A DECISION to ban sexual entertainment venues in Scotland's capital has been quashed in court.

The City of Edinburgh Council voted to set the maximum number of venues in the city at zero last year, which was set to be implemented in April despite serious concerns expressed by sex workers who would be out of a job. 

Campaigners from the United Sex Workers (USW) union forced a judicial review on the move and in the Court of Session in Edinburgh on Friday, Lord Richardson decided councillors had made the call on the "basis of erroneous legal advice" after a two-day hearing.

In his 82-page judgment, Lord Richardson said: “The committee was wrongly advised that in the events it made a nil determination… that would not constitute a ban on SEVs.”

The law firm representing USW, Gilson Gray, said it was a "fantastic" result.

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Rosie Walker, partner and head of litigation, said: "This is a fantastic and very well-deserved result. I am delighted for the USW and all its members. 

"They were incredibly brave to take on this fight to protect their livelihoods and were determined to see it through despite the many challenges put in their way. 

“City of Edinburgh Council tried very hard to prevent USW from joining the action and attempted to block the Protective Expenses Order granted by the court.

"However, at the end of the day, the court has agreed with our argument that the nil-cap was unlawful and the council will now have to look at the decision again.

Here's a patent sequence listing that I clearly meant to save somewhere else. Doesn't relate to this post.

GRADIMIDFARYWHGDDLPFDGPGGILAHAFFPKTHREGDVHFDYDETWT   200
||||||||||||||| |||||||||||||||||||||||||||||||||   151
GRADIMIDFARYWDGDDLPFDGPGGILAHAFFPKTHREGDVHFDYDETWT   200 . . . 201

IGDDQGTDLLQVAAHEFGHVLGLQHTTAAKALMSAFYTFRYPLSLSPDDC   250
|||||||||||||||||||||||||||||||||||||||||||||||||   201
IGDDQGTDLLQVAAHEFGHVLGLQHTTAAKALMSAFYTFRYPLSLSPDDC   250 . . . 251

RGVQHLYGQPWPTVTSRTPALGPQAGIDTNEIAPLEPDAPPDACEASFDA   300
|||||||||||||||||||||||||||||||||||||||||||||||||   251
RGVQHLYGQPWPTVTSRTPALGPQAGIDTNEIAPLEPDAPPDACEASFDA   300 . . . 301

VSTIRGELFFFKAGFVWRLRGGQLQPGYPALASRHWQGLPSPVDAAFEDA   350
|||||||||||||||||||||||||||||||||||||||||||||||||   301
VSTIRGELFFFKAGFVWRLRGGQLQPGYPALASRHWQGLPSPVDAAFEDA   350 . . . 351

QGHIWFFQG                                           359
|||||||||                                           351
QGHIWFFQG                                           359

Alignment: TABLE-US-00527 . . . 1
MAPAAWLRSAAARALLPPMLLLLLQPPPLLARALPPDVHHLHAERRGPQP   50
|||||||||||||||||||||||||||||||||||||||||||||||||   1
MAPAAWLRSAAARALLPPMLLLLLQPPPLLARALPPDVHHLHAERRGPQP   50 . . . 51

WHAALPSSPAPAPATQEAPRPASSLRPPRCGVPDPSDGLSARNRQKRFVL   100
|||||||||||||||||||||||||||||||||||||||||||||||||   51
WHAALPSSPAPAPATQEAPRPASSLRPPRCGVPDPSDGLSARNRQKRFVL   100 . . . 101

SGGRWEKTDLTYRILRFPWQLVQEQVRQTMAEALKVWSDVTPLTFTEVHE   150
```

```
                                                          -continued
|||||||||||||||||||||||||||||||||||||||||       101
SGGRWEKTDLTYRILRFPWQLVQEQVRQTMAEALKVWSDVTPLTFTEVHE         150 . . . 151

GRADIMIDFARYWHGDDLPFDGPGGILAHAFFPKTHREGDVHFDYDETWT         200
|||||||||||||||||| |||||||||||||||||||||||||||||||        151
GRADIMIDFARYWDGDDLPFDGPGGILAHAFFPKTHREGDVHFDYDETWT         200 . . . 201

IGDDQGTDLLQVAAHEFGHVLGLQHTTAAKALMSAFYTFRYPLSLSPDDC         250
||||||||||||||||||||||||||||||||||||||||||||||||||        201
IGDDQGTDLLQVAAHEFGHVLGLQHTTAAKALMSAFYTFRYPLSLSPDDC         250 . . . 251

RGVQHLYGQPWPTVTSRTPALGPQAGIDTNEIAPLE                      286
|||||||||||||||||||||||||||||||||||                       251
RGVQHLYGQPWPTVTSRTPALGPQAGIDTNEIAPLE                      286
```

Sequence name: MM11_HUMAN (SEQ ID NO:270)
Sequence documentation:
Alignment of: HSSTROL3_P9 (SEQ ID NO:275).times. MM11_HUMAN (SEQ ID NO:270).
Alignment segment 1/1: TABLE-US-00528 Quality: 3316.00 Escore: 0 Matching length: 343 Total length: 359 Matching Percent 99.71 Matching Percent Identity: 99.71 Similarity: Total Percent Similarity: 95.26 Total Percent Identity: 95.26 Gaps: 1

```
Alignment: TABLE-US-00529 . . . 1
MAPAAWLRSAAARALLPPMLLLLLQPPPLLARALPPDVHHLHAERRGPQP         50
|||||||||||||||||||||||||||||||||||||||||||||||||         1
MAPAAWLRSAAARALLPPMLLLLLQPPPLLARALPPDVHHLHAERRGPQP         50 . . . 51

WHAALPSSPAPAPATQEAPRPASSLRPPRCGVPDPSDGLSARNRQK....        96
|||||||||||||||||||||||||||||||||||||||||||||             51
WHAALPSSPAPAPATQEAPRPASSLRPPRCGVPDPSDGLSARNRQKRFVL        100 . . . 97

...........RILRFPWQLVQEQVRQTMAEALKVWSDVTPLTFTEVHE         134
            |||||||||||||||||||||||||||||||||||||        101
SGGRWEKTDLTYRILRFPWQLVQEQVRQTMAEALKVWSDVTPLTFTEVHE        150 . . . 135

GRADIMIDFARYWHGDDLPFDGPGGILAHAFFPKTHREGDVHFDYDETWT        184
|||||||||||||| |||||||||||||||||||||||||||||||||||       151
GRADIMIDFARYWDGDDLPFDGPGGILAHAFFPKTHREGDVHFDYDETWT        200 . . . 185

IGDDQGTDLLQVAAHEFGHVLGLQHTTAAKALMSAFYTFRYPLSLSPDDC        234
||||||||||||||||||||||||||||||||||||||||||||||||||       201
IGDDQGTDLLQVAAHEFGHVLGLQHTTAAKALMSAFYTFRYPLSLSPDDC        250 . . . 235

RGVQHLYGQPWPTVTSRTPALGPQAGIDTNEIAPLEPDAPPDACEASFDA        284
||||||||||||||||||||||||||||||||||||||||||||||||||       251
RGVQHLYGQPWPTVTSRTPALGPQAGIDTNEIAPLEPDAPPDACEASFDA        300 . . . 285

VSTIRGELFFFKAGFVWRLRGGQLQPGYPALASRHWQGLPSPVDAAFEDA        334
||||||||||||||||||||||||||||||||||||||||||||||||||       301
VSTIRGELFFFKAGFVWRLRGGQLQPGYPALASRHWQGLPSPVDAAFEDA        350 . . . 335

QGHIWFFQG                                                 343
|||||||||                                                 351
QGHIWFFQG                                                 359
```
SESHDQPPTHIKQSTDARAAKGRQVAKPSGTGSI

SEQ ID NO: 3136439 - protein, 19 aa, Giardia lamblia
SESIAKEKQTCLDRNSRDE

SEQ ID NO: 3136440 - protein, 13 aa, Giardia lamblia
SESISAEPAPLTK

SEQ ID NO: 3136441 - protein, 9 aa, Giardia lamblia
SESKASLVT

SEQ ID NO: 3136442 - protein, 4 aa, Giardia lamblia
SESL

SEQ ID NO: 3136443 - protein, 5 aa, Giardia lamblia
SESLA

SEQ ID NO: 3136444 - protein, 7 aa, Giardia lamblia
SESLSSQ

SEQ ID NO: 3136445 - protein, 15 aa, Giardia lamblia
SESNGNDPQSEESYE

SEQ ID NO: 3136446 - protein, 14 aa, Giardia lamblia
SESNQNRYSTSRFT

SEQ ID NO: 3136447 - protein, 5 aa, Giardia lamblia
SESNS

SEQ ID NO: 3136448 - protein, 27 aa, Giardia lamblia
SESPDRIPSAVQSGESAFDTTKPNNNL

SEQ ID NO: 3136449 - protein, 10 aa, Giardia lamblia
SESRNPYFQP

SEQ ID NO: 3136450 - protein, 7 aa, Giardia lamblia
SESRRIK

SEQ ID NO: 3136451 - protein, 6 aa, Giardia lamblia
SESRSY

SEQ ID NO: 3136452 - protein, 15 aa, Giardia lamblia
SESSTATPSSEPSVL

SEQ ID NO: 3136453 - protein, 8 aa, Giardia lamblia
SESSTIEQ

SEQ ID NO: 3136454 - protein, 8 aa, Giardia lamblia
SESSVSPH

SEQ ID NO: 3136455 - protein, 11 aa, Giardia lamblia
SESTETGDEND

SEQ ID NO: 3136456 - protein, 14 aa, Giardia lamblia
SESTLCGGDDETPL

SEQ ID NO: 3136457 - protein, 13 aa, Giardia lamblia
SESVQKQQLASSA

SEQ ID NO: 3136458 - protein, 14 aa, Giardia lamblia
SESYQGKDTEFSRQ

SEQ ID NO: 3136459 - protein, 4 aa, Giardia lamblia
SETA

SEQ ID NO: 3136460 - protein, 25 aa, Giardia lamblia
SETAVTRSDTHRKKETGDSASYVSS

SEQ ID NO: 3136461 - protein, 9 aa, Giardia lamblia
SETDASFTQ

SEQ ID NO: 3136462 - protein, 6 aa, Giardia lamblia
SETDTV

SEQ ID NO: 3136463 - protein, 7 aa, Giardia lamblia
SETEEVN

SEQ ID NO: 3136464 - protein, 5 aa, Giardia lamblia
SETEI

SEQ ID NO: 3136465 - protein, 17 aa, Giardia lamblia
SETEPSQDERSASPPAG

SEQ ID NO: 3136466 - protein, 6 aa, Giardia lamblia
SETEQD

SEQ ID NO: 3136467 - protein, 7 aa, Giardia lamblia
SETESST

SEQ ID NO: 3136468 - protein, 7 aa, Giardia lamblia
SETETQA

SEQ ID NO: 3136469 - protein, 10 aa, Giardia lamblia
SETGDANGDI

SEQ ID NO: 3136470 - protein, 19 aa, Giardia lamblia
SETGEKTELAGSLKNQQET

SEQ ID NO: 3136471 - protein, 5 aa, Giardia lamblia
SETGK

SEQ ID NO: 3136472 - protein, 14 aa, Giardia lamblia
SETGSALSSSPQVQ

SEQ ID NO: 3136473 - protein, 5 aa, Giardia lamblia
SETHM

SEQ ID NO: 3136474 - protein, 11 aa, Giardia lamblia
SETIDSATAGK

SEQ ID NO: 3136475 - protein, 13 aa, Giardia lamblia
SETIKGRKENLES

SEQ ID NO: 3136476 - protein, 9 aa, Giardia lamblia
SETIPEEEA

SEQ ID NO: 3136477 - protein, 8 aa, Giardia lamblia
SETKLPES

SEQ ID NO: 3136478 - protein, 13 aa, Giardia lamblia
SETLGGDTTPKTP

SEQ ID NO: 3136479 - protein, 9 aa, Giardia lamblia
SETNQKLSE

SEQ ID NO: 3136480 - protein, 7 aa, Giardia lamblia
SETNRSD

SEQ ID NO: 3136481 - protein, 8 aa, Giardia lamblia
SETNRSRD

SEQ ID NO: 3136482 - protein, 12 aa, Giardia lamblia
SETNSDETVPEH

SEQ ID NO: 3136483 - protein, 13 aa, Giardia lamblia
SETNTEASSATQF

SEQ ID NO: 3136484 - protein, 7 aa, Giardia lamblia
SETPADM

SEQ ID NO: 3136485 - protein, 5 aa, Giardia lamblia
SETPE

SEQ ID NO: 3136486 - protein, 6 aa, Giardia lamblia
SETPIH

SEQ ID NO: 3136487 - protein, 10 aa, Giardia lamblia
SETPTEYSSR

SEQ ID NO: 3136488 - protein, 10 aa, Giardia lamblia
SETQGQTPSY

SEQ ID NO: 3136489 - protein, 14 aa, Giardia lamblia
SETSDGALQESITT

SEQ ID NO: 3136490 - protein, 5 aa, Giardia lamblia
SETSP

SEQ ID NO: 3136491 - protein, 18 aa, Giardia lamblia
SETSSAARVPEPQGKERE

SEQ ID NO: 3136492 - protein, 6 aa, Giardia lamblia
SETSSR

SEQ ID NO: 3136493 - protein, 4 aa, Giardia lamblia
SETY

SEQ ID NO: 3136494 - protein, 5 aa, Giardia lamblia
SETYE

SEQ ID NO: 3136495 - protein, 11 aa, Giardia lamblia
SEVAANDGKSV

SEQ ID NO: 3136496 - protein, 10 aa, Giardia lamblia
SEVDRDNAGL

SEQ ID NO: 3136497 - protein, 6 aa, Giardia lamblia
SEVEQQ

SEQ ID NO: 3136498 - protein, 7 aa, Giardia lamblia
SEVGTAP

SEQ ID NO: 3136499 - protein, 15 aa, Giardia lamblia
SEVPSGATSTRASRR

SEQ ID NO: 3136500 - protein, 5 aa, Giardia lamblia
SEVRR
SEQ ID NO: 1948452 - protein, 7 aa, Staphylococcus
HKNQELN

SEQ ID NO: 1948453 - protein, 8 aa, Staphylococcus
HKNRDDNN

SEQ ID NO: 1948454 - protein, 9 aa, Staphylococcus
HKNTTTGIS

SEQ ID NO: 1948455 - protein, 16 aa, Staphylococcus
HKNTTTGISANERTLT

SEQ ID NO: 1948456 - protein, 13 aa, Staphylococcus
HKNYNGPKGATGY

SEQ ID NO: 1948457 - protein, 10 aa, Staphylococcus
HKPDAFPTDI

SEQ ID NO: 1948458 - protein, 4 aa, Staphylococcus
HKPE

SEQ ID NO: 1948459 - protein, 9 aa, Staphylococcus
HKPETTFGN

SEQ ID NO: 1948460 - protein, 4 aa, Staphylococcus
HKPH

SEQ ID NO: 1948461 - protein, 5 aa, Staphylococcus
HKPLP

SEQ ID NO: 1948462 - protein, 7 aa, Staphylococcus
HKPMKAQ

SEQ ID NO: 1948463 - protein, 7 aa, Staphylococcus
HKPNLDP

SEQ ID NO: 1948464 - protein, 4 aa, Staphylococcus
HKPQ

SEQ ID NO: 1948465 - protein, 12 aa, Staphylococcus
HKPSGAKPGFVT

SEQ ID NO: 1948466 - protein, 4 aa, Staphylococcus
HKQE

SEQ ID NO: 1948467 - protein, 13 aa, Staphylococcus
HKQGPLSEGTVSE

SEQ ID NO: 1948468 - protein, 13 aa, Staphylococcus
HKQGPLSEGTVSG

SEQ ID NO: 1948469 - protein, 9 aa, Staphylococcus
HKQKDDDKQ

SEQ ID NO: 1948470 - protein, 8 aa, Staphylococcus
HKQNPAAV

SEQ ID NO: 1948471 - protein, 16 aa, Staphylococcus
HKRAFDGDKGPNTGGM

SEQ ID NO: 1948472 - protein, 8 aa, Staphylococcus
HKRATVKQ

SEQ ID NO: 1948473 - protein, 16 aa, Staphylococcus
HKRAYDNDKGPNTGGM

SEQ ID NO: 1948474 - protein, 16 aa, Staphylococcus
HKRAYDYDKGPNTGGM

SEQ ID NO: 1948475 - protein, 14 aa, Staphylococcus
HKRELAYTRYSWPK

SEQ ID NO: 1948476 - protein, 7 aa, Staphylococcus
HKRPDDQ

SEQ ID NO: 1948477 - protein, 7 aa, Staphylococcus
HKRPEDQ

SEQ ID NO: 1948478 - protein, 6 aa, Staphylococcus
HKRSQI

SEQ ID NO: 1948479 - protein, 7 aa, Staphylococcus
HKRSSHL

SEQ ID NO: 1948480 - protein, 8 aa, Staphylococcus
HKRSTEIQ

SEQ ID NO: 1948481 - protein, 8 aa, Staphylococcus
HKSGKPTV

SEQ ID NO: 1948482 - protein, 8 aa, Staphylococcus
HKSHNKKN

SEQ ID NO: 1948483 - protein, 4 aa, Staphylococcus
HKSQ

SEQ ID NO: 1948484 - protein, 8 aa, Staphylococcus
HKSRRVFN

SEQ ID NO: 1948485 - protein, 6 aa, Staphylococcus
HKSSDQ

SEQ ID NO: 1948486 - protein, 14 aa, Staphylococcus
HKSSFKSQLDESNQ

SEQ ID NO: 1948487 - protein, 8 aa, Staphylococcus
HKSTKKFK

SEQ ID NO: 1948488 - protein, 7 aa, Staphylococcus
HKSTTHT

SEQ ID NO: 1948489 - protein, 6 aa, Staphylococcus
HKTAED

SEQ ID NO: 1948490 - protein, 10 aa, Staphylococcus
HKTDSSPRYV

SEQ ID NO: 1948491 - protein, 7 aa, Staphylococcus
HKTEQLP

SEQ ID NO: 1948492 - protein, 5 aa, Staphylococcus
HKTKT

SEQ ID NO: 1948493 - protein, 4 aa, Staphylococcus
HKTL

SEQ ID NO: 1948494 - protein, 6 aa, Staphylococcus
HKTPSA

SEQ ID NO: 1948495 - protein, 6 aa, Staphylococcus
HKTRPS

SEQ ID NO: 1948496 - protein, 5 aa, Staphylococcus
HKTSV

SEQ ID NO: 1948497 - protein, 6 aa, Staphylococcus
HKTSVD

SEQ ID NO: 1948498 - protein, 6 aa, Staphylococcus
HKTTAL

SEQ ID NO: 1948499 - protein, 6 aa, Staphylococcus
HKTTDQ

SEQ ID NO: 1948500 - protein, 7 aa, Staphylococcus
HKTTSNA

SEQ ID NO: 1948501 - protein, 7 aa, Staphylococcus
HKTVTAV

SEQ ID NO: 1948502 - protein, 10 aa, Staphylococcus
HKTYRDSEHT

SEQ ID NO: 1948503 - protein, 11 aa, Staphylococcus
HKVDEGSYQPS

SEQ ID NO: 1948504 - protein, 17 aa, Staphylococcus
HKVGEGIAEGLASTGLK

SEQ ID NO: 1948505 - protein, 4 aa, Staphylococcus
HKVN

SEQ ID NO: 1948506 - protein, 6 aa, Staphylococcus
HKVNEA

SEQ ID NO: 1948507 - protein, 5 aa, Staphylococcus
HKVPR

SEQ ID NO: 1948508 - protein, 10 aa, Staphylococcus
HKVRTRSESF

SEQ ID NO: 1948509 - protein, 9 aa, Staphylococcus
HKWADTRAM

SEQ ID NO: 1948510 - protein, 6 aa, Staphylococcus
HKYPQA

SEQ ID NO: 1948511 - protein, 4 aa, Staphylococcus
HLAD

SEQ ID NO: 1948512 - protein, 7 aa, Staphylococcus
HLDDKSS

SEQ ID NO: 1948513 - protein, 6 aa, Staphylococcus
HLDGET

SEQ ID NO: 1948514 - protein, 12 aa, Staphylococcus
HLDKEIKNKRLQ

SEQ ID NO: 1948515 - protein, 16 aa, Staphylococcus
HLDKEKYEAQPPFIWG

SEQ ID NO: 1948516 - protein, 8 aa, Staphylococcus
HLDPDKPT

“If it had been upheld, the council’s nil-cap decision would have resulted in the closure of all strip clubs in the city. That would have meant many of USW’s members losing their livelihoods or having to move away from their homes and families to find work elsewhere."

The court held the council's regulatory commitee wrongly determined the effect of the nil-cap and this rendered its decision unlawful.

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The council tried to argue the challenge was premature because, after proceedings were raised, the council voted to present a fresh report on the nil-cap policy.

Walker added: "The court also held that the council’s prematurity argument was not well founded and that our challenge could proceed, which is a highly positive decision for USW and its members.”

Steve MacDonald, a spokesperson for the Club Operators Action Group, also welcomed the court's decision.

He said: “We look forward to working with the regulatory committee and the licensing board in continuing to provide a proven safe working environment for all our staff members, customers and particularly our performers."

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The city’s strippers told councillors at the March 2022 regulatory committee meeting about their fears if they pushed ahead with the nil-cap policy.

Concerns were raised that the ban would push the trade underground and force strippers into prostitution, making it less safe for women, but it was approved by a five to four vote.

Lord Richardson said the council did not put forward “a good reason why the erroneous decision should not be quashed”, and added that the regulatory committee was “clearly advised that making a nil determination would only create a ‘rebuttable presumption’ which could ‘ultimately’ result in closure of existing premises”.

He went on to rule: “I do consider that there is a realistic possibility that, properly advised, a different decision may have been taken.

“It seems to me that, were I to decide otherwise, I would be trespassing on the decision-making which had been entrusted (to the council).”

A City of Edinburgh Council spokesperson said: “We have received the ruling of the judicial review which we are considering in detail before deciding on our next steps.”